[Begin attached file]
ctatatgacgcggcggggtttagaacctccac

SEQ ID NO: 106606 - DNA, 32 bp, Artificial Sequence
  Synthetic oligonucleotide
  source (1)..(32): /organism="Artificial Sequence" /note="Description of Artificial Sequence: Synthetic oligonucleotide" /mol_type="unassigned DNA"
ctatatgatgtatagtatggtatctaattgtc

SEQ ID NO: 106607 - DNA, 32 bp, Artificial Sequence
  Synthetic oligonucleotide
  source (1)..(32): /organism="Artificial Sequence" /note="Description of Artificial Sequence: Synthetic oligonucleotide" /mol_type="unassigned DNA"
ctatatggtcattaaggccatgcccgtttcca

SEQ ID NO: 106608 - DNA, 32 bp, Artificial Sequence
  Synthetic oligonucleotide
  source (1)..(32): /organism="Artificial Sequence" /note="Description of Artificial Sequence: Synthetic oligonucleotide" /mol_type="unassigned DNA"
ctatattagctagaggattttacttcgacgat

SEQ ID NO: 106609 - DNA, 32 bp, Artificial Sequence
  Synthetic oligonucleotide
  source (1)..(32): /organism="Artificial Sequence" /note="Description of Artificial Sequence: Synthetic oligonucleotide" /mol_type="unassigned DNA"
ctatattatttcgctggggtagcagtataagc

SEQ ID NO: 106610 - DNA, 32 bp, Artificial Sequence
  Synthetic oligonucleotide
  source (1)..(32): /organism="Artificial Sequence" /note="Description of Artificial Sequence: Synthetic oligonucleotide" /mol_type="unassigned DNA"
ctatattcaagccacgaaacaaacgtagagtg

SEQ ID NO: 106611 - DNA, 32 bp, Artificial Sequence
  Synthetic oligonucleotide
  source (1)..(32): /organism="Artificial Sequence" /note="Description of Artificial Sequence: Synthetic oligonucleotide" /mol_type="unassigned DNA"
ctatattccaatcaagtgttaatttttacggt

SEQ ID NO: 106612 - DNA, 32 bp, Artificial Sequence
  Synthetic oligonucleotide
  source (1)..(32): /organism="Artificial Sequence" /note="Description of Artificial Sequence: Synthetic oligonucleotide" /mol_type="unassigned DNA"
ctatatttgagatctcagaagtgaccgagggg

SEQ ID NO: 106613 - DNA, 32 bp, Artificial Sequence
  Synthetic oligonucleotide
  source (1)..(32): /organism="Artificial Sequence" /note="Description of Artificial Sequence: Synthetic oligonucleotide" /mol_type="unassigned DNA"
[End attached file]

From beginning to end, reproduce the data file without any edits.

ctatatgacgcggcggggtttagaacctccac

SEQ ID NO: 106606 - DNA, 32 bp, Artificial Sequence
  Synthetic oligonucleotide
  source (1)..(32): /organism="Artificial Sequence" /note="Description of Artificial Sequence: Synthetic oligonucleotide" /mol_type="unassigned DNA"
ctatatgatgtatagtatggtatctaattgtc

SEQ ID NO: 106607 - DNA, 32 bp, Artificial Sequence
  Synthetic oligonucleotide
  source (1)..(32): /organism="Artificial Sequence" /note="Description of Artificial Sequence: Synthetic oligonucleotide" /mol_type="unassigned DNA"
ctatatggtcattaaggccatgcccgtttcca

SEQ ID NO: 106608 - DNA, 32 bp, Artificial Sequence
  Synthetic oligonucleotide
  source (1)..(32): /organism="Artificial Sequence" /note="Description of Artificial Sequence: Synthetic oligonucleotide" /mol_type="unassigned DNA"
ctatattagctagaggattttacttcgacgat

SEQ ID NO: 106609 - DNA, 32 bp, Artificial Sequence
  Synthetic oligonucleotide
  source (1)..(32): /organism="Artificial Sequence" /note="Description of Artificial Sequence: Synthetic oligonucleotide" /mol_type="unassigned DNA"
ctatattatttcgctggggtagcagtataagc

SEQ ID NO: 106610 - DNA, 32 bp, Artificial Sequence
  Synthetic oligonucleotide
  source (1)..(32): /organism="Artificial Sequence" /note="Description of Artificial Sequence: Synthetic oligonucleotide" /mol_type="unassigned DNA"
ctatattcaagccacgaaacaaacgtagagtg

SEQ ID NO: 106611 - DNA, 32 bp, Artificial Sequence
  Synthetic oligonucleotide
  source (1)..(32): /organism="Artificial Sequence" /note="Description of Artificial Sequence: Synthetic oligonucleotide" /mol_type="unassigned DNA"
ctatattccaatcaagtgttaatttttacggt

SEQ ID NO: 106612 - DNA, 32 bp, Artificial Sequence
  Synthetic oligonucleotide
  source (1)..(32): /organism="Artificial Sequence" /note="Description of Artificial Sequence: Synthetic oligonucleotide" /mol_type="unassigned DNA"
ctatatttgagatctcagaagtgaccgagggg

SEQ ID NO: 106613 - DNA, 32 bp, Artificial Sequence
  Synthetic oligonucleotide
  source (1)..(32): /organism="Artificial Sequence" /note="Description of Artificial Sequence: Synthetic oligonucleotide" /mol_type="unassigned DNA"